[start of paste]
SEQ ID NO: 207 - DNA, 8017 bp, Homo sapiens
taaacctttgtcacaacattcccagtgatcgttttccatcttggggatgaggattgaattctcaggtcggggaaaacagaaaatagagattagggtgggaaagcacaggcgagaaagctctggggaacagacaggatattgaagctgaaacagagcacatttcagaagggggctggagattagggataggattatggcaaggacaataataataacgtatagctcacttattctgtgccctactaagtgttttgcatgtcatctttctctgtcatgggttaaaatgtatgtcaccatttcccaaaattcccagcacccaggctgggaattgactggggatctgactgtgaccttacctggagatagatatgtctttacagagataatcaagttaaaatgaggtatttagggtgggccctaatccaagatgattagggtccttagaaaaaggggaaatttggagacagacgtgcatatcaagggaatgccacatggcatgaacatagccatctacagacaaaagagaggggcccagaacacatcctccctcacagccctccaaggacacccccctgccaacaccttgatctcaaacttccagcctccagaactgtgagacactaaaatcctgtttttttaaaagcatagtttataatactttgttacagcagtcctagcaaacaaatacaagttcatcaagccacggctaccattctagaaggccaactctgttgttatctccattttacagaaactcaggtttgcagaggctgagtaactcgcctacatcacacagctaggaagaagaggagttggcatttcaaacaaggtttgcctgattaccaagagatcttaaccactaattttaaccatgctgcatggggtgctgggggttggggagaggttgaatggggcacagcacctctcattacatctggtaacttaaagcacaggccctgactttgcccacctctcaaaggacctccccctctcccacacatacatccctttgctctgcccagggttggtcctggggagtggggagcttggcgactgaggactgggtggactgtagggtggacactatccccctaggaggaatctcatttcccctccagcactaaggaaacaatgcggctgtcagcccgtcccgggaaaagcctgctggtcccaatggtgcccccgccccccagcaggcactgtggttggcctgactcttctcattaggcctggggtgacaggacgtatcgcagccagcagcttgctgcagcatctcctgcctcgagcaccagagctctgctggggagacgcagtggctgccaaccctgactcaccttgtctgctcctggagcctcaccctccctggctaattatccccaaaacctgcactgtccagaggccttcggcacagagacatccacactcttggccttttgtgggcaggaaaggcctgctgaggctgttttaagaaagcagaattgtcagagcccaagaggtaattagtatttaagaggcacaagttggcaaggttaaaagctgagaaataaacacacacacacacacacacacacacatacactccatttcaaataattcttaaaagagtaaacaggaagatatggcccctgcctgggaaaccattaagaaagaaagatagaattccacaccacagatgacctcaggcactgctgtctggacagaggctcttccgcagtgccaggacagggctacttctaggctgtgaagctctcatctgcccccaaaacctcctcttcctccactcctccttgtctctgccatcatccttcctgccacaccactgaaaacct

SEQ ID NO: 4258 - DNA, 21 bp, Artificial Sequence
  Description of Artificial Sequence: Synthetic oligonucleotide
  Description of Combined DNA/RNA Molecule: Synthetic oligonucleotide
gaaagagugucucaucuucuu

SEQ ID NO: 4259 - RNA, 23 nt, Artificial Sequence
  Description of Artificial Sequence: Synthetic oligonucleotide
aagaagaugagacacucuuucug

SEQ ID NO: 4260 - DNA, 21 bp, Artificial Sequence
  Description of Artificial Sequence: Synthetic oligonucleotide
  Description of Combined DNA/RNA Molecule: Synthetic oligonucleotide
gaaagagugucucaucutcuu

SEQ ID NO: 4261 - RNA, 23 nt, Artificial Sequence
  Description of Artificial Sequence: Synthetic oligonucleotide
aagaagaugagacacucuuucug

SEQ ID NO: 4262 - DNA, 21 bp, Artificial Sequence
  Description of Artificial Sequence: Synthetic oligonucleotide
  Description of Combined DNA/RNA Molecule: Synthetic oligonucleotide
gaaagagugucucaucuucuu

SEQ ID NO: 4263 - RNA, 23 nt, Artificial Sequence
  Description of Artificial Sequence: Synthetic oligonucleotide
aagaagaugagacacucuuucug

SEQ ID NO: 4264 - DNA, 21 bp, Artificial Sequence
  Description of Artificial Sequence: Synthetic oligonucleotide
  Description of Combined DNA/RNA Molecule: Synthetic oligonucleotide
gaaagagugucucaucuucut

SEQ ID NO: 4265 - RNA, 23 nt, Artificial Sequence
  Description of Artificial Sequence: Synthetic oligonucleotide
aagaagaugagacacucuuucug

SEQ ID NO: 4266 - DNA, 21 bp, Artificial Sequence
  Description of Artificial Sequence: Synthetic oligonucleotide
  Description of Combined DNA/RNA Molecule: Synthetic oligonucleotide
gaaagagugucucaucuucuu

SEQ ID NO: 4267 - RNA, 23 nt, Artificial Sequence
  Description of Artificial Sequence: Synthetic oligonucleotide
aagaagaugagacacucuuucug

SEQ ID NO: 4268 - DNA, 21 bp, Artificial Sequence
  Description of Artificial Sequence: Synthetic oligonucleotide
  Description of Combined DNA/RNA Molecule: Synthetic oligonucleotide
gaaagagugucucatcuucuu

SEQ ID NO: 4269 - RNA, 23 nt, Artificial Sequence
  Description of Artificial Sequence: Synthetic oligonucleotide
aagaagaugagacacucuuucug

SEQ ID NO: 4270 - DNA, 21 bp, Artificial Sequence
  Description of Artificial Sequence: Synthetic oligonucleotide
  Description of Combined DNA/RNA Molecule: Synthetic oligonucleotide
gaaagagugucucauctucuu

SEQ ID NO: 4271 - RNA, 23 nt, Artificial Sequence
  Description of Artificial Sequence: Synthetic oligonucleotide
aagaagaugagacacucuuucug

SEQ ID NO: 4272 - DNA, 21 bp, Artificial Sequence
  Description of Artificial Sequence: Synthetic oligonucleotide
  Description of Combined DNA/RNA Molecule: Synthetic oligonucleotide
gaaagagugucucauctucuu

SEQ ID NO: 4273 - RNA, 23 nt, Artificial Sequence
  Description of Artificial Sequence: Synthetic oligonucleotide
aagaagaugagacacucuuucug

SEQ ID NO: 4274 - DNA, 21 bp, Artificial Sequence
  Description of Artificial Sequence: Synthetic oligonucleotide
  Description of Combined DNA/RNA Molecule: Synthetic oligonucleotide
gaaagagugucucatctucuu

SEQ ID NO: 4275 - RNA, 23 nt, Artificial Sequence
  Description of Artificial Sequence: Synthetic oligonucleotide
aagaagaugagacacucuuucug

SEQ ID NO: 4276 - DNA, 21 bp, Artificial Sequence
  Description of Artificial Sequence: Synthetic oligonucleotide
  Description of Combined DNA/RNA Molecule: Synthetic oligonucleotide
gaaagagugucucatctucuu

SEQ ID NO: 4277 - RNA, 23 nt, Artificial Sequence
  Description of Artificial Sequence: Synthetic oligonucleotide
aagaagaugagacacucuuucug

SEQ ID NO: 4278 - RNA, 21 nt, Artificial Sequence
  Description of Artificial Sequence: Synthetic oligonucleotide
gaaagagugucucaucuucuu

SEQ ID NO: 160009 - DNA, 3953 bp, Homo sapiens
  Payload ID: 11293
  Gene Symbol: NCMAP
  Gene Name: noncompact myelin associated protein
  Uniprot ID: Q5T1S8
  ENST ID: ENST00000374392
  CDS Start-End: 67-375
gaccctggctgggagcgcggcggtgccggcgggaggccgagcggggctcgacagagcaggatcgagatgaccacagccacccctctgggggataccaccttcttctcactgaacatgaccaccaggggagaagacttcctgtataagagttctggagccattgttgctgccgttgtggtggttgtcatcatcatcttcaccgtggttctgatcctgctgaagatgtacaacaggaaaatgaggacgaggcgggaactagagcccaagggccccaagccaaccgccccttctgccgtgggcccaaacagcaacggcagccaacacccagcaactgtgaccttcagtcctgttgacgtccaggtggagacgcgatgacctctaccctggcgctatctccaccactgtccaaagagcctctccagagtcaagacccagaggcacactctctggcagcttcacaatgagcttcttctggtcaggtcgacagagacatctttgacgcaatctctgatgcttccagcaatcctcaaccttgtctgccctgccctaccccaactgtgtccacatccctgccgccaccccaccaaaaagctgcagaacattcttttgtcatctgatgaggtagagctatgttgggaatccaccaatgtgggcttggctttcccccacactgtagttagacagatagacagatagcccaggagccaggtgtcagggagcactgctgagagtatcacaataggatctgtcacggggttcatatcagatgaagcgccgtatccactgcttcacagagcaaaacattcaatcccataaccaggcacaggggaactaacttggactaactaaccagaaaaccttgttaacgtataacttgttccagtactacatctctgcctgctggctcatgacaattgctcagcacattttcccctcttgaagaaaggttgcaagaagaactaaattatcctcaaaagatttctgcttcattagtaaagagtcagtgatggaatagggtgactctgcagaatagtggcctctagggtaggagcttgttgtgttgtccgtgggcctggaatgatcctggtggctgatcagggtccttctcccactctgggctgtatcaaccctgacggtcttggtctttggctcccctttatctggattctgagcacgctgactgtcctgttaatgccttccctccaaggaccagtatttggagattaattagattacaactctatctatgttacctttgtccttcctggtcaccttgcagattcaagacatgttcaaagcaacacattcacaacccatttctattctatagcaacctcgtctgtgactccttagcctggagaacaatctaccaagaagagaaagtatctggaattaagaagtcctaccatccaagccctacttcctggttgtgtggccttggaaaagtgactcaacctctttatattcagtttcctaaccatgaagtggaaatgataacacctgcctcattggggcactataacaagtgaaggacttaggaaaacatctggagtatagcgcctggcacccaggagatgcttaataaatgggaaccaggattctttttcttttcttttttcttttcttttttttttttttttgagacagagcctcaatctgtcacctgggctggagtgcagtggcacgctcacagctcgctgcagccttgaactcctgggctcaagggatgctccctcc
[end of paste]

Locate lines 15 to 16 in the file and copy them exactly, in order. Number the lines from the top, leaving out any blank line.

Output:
  Description of Artificial Sequence: Synthetic oligonucleotide
aagaagaugagacacucuuucug